If Gloves Could Talk

Over 40 million people use sign language instead of speech due to hearing and speech impairments. Imagine if these people could communicate with non-signers using magic talking gloves…

Enable Talk is aiming to achieve just this. Sensor covered gloves send signals to a smart phone and hey presto, your hands are talking! The student project is still a work in progress for the Ukrainian team behind it, QuadSquad, who have tested various prototypes on sign language users in the Ukraine.

Enable Talk gloves translate sign language into speech using only a smart phone app.

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Aphasia – When Language Goes Wrong

a·pha·sia ˈfāZHə/

Noun:
Loss of ability to understand or express speech, caused by brain damage.

I thought I’d explain in this post why it is that I’m fascinated with the phenomenon that is aphasia. The main reason it’s so interesting is that it can manifest itself in very different ways. Aphasia is a result of brain injury, most commonly strokes, head trauma or neurodegenerative diseases like dementia and Parkinson’s. So the effects observed in language depend on which part of the brain’s language areas were damaged; yet, not even this is necessarily consistent or predictable. Some of the stranger and more surprising effects can be seen in bilingual patients who can regain the use of one language but not the other, inadvertently switch language or communicate using a mixture of the two languages. Continue reading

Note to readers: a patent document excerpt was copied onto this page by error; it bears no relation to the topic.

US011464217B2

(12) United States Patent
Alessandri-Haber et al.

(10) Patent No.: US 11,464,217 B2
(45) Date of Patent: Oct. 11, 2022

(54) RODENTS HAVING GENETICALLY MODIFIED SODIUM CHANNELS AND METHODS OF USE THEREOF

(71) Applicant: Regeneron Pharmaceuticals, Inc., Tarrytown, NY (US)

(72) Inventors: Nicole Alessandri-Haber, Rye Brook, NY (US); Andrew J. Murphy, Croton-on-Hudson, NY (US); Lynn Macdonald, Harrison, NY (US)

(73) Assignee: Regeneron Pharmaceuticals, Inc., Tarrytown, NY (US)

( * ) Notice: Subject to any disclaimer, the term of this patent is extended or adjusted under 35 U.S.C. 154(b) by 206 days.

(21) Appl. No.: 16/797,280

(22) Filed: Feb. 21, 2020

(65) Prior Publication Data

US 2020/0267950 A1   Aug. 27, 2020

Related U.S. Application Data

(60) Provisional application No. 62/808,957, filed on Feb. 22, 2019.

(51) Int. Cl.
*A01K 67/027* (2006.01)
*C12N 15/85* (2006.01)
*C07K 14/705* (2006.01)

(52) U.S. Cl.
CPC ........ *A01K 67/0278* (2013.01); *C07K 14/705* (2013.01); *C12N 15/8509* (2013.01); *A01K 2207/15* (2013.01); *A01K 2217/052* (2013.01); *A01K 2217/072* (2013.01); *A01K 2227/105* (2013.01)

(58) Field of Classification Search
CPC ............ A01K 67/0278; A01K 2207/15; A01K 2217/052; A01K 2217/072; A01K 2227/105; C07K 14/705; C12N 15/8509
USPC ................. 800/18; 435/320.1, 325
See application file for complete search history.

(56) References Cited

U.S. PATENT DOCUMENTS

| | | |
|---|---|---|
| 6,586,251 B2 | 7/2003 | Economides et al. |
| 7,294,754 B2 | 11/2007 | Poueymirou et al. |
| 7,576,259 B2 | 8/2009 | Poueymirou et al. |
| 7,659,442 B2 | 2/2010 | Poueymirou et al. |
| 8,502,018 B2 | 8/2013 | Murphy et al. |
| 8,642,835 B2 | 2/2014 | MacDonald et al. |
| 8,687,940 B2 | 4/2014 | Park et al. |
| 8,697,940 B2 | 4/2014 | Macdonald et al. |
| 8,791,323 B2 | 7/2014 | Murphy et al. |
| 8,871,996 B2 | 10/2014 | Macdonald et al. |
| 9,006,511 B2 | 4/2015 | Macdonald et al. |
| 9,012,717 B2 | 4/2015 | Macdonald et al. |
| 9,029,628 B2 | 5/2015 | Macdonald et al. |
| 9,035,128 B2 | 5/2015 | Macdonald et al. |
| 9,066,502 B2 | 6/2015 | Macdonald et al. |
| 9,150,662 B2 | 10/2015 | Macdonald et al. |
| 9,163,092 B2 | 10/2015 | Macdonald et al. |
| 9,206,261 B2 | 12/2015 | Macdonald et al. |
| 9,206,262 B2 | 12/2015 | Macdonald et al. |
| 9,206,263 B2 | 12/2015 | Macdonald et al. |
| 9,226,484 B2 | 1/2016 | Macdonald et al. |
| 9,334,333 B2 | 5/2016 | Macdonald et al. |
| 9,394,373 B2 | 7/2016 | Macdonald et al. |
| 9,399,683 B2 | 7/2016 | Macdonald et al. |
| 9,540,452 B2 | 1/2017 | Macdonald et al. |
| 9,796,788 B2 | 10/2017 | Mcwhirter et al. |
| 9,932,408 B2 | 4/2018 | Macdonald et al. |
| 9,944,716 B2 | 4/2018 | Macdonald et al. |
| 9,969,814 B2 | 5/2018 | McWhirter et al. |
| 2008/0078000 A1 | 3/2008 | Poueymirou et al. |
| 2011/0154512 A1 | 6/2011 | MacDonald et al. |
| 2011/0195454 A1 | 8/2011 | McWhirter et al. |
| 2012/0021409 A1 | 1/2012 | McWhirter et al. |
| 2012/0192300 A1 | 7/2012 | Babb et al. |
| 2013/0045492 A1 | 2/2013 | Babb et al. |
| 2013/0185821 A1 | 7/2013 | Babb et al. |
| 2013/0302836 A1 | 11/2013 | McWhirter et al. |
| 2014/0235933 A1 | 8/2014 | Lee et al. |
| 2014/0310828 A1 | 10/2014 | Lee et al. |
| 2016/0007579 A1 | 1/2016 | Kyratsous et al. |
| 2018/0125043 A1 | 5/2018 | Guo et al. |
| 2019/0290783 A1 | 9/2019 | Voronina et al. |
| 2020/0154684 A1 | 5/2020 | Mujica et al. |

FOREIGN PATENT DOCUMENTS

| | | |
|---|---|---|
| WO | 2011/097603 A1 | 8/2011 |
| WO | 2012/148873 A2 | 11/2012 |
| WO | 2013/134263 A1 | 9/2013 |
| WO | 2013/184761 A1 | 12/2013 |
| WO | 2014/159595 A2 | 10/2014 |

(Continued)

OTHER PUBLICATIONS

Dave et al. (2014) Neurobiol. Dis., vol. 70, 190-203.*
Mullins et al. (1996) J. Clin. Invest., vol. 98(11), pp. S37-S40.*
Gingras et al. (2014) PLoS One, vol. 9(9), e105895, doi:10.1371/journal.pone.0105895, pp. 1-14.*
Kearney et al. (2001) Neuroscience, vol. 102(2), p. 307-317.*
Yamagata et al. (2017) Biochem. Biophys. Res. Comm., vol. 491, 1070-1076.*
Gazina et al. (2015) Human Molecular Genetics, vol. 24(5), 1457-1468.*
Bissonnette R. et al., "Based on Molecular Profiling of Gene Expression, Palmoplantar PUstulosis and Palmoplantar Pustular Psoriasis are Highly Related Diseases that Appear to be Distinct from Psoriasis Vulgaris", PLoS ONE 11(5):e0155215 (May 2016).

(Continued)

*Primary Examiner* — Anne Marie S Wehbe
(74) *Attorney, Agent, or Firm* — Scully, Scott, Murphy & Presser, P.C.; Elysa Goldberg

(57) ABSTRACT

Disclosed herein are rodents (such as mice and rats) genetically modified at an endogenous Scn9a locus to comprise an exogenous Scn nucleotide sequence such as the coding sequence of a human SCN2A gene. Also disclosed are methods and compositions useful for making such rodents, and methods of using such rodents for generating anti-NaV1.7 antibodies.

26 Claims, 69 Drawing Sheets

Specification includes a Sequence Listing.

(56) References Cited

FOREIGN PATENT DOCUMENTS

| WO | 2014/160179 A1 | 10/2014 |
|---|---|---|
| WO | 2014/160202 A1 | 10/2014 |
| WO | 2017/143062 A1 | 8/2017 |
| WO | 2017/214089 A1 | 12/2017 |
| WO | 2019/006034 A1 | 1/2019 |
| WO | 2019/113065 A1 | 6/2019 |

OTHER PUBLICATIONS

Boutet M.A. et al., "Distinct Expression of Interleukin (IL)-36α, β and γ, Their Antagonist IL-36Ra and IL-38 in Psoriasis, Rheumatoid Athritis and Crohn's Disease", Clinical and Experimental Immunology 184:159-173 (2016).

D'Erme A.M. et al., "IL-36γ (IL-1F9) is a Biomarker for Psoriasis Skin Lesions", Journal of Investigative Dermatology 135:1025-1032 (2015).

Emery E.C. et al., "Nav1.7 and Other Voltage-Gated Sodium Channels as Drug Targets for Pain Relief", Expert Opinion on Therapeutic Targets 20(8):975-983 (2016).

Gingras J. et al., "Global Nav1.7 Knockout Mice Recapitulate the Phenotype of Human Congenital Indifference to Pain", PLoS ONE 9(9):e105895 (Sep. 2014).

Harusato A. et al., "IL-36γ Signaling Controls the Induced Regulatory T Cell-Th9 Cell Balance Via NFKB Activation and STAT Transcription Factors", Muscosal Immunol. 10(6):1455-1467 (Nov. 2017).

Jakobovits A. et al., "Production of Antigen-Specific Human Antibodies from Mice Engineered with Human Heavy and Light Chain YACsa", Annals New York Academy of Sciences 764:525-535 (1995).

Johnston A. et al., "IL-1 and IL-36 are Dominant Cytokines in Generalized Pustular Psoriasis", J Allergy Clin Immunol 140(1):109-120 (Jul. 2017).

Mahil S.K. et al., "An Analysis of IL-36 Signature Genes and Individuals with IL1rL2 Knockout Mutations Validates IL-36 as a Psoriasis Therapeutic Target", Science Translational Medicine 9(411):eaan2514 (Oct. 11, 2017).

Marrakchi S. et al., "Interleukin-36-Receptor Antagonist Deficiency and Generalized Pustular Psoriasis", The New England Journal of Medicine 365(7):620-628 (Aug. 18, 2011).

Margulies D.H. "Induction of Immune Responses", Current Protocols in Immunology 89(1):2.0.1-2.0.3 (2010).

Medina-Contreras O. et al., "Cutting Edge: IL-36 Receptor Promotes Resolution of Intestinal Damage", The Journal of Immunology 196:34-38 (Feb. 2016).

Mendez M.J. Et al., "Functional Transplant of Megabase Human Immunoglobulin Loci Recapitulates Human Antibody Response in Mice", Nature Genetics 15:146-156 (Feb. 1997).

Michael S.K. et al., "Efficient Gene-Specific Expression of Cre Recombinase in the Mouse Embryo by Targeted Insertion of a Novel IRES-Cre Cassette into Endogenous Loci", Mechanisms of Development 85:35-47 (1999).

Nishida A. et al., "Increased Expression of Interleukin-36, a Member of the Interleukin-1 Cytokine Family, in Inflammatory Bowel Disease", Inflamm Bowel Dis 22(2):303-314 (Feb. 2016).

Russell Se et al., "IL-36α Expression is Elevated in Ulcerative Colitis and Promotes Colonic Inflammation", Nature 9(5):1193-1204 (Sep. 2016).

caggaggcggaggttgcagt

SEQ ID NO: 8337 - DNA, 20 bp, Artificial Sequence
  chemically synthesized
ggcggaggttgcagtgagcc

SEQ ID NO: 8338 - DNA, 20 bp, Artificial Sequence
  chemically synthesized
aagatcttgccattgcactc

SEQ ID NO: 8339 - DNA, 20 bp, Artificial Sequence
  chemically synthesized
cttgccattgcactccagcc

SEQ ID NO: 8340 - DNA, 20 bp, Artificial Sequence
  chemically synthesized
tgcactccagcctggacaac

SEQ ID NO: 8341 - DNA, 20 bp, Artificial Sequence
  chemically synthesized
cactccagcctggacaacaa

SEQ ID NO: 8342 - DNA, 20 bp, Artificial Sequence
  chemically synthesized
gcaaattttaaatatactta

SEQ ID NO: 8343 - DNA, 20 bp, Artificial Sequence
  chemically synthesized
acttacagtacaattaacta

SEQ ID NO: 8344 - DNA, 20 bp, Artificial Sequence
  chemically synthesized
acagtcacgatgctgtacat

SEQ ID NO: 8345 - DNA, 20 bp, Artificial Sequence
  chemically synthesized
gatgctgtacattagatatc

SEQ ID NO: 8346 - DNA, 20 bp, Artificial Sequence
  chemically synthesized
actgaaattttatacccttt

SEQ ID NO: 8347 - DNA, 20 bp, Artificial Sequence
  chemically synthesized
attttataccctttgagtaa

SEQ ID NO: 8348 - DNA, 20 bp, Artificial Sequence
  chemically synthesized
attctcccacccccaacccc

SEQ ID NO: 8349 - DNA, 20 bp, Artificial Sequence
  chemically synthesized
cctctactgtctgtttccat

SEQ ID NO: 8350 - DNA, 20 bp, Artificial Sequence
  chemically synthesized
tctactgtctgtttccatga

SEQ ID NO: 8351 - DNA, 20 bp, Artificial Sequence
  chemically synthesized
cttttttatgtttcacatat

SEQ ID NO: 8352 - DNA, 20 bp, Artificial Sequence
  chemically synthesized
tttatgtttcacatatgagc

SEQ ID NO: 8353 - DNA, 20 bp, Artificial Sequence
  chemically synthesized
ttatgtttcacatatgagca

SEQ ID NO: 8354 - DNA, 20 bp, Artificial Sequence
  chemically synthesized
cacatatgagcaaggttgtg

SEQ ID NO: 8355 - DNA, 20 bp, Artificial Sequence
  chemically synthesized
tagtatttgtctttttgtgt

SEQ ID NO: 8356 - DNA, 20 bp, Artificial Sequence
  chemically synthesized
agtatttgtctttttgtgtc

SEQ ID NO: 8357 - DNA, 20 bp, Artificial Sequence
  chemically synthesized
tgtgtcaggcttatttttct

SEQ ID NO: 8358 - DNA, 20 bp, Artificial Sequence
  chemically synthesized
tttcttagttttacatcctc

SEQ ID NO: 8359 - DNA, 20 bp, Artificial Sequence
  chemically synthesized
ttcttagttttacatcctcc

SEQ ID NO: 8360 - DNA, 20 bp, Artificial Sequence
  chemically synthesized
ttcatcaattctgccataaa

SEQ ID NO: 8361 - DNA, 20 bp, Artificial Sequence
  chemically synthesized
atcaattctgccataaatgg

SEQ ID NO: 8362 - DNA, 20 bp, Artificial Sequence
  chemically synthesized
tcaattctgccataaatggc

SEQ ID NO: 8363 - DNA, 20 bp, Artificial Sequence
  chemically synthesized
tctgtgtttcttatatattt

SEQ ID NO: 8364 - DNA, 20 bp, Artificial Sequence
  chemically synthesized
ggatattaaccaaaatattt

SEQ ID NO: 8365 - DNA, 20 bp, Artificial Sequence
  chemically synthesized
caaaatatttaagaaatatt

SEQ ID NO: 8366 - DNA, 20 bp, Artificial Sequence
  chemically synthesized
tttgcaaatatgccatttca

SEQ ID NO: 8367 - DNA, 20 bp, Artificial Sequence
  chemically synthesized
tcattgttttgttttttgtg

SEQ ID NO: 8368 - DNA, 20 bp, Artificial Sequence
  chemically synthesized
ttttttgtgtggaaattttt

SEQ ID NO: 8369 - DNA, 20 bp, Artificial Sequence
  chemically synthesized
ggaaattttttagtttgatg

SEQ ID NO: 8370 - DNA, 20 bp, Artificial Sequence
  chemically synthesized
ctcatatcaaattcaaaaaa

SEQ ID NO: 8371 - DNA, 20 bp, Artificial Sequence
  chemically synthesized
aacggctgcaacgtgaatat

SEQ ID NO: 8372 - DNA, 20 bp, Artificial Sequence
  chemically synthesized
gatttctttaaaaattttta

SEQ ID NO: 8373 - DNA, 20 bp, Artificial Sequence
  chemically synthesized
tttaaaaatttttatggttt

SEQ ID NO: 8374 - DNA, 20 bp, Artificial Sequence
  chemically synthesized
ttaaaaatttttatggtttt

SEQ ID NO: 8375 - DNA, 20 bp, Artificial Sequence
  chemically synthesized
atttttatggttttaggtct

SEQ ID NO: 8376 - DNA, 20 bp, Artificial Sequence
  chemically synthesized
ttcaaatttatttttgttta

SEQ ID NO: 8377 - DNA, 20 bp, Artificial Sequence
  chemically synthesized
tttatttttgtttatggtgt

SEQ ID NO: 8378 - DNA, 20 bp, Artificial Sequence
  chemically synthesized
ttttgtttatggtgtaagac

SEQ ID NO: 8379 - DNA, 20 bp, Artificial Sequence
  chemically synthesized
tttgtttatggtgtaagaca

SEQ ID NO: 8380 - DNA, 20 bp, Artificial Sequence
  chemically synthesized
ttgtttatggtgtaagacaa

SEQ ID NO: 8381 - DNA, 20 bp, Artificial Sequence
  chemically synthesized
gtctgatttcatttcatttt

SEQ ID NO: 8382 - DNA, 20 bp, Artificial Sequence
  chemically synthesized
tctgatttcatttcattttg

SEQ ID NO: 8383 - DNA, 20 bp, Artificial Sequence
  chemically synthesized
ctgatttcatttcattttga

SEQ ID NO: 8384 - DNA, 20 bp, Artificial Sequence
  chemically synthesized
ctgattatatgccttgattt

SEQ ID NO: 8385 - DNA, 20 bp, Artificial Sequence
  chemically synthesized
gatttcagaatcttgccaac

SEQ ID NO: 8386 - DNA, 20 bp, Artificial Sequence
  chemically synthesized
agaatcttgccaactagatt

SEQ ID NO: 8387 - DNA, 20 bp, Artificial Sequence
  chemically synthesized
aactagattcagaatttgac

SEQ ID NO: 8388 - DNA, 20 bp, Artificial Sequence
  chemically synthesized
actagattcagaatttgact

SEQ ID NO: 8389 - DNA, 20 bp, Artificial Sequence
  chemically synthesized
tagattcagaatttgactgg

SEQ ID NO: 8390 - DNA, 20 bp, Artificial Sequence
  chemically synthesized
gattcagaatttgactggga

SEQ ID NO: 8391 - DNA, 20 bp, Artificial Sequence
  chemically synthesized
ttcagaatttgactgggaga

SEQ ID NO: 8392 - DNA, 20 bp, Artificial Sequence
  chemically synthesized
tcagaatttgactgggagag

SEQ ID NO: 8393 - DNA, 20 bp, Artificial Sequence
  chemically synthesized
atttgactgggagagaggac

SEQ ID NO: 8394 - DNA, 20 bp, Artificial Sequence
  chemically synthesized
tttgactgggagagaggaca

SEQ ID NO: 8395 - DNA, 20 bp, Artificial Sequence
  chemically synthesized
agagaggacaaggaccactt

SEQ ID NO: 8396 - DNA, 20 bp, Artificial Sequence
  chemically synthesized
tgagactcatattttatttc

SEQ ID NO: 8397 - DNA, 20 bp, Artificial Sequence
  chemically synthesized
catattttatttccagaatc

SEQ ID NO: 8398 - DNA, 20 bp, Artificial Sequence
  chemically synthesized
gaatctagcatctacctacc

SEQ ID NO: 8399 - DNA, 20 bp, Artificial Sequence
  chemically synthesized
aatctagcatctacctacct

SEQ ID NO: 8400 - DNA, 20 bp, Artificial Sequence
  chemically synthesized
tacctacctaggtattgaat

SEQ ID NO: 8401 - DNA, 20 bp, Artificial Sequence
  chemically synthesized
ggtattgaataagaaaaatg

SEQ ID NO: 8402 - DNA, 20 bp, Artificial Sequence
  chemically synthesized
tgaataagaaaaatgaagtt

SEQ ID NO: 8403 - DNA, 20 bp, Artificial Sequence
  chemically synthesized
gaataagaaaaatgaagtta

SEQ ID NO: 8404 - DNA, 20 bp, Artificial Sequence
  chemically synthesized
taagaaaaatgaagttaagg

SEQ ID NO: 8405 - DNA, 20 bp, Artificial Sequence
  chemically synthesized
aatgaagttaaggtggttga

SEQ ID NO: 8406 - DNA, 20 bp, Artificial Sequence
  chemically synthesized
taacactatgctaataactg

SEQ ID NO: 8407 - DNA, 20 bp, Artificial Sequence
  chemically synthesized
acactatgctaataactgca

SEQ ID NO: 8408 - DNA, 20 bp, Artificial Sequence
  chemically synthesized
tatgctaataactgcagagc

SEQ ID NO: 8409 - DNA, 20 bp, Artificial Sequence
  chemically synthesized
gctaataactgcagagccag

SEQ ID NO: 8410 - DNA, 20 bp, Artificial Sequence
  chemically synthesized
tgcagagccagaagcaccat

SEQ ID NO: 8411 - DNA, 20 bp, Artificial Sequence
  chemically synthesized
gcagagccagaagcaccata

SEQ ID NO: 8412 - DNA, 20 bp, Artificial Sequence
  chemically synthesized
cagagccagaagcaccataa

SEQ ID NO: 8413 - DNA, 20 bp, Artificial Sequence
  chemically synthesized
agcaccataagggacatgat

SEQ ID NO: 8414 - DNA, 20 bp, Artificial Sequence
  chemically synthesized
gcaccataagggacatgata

Recovery Patterns in Bilingual Aphasia: Influential Factors & Cross-Language Transfer

Over 2/3 of the world’s population speak more than one language, generating interest in the field of bilingual aphasia and particularly its recovery. Among the many theories on recovery patterns, it is widely accepted that parallel recovery of a bilingual’s languages is the most common (i.e. both languages recover at the same rate). Of those cases of nonparallel recovery, the oldest theories on which language recovers best are the first language (Ribot’s law) or the dominantly used language (Pitres’ law). This review discusses the evidence for these theories in addition to considering influential factors of recovery, and exploring whether therapy in one language can transfer to untreated languages.

Read the full literature review here: Recovery Patterns in Bilingual Aphasia